Willow Whitereviews Black Boys, Saga Collectif’s co-production with Buddies in Bad Times Theatre, during its Montreal stop on the show’s Canada-wide tour:
Through a series of vignettes incorporating dance, poetry, music, and autobiographical monologues, Black Boys explores what it is to be black, male, and queer. The performance offers no quick answers, easy solutions, or optimistic conclusions, yet is absolutely captivating, entertaining, and even funny.
This is theatre at its very best.
Before Black Boys begins, a soft white light, courtesy of lighting designer Jared Li, washes across the exposed stage. The set designed by Rachel Forbes is simple: there are no elaborate props, curtains, or barriers between the audience and the performers. Performers Stephen Jackman-Torkoff, Tawiah Ben M’Carthy, and Thomas Olajide casually take their places behind opaque screens, their silhouettes casting shadows across the stage floor. The screens function as movable set pieces, but also as backdrops for various video clips and projections incorporated throughout the performance by sound and video designer Stephen Surlin. Costume changes (also designed by Forbes) occur openly on the side of the stage. The following performance, directed by Jonathan Seinen, feels both unrehearsed and confidently arranged. Special note goes to Virgilia Griffith, whose choreography illuminates those raw and unspeakable moments of life.
Jackman-Torkoff introduces the play by welcoming the audience to the performance but falters: “This is a show about…” Unable to finish the sentence, he repeats himself again and again as he becomes increasingly distressed. He is never able to explain what the performance is about, and the scene simply transitions. The difficulty in pinpointing the exact trajectory of the performance is a reflection of the characters mutable experiences and identities. In a handful of poignant monologues, M’Carthy explores his experience as Ghanaian, a Christian, a Canadian immigrant, and a gay man. After describing an ended relationship, M’Carthy turns to the audience with tears in his eyes asking, “Is this black on black love?” The question is repeated by all three performers throughout the duration of the play.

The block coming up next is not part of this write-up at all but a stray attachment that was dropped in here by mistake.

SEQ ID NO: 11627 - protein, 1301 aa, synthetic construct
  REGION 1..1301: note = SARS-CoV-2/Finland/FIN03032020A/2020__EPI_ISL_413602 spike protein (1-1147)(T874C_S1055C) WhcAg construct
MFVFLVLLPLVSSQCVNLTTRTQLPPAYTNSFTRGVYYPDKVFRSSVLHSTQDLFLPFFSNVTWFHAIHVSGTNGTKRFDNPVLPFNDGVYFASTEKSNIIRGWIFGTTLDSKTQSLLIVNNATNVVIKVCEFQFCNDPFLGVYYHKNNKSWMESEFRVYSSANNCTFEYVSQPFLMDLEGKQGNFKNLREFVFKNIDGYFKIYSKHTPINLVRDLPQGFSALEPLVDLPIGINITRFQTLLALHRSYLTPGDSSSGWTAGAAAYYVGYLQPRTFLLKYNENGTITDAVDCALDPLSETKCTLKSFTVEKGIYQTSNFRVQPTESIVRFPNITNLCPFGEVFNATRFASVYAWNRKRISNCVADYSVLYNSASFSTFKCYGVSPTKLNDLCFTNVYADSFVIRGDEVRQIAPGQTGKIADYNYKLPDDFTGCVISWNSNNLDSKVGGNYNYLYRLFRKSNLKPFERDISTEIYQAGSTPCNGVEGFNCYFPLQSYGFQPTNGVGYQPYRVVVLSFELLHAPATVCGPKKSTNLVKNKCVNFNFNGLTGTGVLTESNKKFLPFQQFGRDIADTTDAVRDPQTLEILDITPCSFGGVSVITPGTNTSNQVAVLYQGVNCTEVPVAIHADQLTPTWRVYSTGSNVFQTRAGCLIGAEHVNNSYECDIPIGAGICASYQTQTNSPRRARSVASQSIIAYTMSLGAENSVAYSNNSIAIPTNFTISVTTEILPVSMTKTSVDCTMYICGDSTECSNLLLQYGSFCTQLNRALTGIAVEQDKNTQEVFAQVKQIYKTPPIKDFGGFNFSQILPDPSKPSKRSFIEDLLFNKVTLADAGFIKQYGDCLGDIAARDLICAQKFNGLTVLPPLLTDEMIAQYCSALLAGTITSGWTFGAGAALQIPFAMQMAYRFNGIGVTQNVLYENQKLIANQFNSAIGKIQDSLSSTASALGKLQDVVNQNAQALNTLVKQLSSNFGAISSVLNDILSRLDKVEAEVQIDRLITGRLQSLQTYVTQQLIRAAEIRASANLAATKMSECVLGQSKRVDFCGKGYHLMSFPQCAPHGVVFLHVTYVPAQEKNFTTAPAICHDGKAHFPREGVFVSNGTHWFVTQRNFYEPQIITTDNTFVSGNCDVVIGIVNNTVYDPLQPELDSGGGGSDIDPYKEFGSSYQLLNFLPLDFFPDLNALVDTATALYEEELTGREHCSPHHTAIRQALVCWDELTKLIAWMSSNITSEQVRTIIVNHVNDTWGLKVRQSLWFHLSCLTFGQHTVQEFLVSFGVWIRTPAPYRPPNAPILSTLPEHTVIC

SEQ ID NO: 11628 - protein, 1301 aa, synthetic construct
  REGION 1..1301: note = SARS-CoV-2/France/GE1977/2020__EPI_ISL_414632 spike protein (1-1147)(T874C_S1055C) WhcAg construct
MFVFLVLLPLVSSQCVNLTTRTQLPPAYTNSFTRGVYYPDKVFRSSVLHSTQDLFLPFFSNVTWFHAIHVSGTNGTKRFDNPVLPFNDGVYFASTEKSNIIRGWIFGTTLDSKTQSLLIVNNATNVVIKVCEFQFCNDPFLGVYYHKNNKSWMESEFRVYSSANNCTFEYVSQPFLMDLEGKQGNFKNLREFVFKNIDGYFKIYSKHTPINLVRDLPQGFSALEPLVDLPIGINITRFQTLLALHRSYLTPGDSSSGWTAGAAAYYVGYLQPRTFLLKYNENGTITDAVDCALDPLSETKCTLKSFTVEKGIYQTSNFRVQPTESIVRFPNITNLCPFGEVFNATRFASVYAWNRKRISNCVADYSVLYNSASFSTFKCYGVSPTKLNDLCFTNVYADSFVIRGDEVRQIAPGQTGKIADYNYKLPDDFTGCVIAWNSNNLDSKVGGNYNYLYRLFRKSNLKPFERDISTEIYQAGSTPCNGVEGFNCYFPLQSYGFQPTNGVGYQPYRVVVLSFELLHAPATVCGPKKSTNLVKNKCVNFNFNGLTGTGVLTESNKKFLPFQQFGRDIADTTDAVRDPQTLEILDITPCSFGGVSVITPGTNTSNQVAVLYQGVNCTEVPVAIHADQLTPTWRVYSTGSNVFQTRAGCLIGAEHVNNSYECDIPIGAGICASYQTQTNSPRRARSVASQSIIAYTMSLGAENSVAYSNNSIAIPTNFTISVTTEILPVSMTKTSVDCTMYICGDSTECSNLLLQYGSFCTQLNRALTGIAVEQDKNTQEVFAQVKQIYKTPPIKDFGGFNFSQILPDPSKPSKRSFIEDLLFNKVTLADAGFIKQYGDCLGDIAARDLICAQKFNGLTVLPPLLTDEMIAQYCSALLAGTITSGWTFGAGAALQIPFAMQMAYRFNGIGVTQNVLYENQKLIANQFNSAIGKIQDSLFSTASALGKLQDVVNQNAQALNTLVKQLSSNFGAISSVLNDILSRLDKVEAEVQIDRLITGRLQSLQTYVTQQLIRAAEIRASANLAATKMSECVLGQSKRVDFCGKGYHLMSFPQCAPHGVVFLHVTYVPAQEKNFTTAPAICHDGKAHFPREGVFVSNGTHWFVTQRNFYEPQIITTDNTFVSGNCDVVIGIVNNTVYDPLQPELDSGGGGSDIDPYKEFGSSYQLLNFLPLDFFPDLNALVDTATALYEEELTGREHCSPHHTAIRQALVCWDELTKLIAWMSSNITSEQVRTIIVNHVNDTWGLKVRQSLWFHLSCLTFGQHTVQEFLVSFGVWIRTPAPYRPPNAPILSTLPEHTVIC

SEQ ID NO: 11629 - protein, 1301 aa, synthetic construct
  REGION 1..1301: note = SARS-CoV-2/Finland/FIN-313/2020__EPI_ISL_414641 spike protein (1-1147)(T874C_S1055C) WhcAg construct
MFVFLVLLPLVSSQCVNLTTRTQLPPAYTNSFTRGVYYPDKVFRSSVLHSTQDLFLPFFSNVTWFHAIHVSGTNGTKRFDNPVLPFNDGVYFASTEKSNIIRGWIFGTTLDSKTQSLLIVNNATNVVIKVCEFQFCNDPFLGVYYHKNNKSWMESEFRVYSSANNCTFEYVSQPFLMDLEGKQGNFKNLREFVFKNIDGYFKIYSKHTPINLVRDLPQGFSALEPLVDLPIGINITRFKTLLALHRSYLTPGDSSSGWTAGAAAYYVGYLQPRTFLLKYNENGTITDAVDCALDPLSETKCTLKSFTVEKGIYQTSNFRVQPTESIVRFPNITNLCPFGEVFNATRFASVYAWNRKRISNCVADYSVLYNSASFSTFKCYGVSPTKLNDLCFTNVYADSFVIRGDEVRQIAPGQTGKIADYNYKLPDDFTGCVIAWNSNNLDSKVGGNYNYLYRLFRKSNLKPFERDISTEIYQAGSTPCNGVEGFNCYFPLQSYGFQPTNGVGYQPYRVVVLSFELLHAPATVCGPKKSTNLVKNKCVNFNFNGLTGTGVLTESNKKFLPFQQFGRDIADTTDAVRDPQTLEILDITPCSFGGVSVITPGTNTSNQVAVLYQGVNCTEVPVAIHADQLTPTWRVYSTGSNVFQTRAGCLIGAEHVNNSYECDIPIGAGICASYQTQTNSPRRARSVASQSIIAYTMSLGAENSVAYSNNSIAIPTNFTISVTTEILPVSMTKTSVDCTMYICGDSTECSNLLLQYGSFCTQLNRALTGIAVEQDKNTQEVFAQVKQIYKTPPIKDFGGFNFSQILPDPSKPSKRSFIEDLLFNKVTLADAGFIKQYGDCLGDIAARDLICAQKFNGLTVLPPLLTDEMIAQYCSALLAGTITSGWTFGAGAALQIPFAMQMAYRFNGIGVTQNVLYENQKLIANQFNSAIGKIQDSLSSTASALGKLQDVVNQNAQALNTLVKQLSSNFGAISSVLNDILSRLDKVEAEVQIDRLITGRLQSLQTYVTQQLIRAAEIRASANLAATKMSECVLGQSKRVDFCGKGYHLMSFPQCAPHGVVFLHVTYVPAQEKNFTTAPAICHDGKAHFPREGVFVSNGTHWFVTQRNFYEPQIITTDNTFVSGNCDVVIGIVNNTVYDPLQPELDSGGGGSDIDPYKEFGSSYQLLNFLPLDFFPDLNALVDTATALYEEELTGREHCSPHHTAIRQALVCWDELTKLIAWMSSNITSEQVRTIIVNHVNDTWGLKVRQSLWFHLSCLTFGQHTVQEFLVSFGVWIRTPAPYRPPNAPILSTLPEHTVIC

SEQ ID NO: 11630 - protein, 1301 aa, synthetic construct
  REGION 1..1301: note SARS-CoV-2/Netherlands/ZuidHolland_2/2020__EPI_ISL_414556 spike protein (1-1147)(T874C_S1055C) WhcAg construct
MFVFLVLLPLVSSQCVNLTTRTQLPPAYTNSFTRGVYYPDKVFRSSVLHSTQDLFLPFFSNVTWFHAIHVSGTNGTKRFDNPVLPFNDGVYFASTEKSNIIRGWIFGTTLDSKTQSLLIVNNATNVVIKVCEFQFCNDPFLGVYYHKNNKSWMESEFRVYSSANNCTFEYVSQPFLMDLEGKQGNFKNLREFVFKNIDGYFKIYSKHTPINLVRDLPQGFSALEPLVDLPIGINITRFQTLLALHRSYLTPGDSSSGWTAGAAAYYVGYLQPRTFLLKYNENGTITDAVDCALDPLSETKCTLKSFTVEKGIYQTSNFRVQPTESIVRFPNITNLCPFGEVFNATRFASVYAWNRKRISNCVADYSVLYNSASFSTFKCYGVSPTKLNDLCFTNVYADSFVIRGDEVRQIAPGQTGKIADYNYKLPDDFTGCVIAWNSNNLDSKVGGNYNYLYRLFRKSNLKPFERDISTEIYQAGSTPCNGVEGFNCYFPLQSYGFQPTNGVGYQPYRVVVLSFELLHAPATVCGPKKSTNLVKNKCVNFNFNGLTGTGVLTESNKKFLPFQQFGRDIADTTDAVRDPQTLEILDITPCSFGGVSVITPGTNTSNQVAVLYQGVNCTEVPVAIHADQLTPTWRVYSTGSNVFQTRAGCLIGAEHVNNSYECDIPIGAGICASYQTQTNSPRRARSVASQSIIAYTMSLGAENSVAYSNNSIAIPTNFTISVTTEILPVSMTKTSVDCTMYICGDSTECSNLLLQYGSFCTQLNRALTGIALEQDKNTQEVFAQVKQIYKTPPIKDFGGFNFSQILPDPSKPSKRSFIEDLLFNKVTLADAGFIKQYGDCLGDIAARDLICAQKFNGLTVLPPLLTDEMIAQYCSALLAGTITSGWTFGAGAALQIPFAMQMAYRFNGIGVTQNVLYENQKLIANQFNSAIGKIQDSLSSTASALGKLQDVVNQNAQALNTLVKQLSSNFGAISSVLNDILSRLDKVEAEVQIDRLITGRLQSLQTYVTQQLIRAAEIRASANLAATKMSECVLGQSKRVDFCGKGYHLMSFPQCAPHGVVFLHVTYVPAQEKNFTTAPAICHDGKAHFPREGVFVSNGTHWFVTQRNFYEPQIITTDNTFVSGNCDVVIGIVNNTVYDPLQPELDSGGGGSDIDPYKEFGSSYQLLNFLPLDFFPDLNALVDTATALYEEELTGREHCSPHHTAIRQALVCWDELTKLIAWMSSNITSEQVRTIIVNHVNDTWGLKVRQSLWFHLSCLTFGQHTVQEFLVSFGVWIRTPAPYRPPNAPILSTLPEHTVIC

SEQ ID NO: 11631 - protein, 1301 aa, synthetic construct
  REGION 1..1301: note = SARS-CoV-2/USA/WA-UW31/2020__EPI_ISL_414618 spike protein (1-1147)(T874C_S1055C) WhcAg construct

Some of the most powerful moments of the performance involve improvisation and audience interaction. In one scene, Jackman-Torkoff explains that he suffered from severe fear of the dark when he was a child. To cope, he gave himself the nickname Stella. Behind him, the word “FEAR” is projected across the screen. Stephen faces the screen and yells with full Marlon Brando gusto, “Stellaaa!” One by one, members of the audience join his shout, hollering at full volume “Stella! Stella! Stella!” and the room eventually explodes into cheers, screams, and applause.
While the performance is undeniably challenging—topics of slavery, sexual assault, and institutionalized racism are explored openly through various mediums—the play ends on a cautiously positive note. The three men relax together on a picnic blanket. In an expression of solidarity and power, they turn to the audience and say in unison, “Look at what we can do.” Simultaneously, they lift their right hands, palms down, above their heads and slowly lower their arms as the house lights lower, too. The gesture—symbolic of the strength found through friendship and community—is not lost on the audience who immediately burst into cheers of support.
It’s rare to watch a performance that strikes the perfect balance between engaging, challenging, and entertaining—Black Boys is that performance.
This article originally appeared in Alt Theatre on May 24, 2018, and has been reposted with permission.
This post was written by the author in their personal capacity.The opinions expressed in this article are the author’s own and do not reflect the view of The Theatre Times, their staff or collaborators.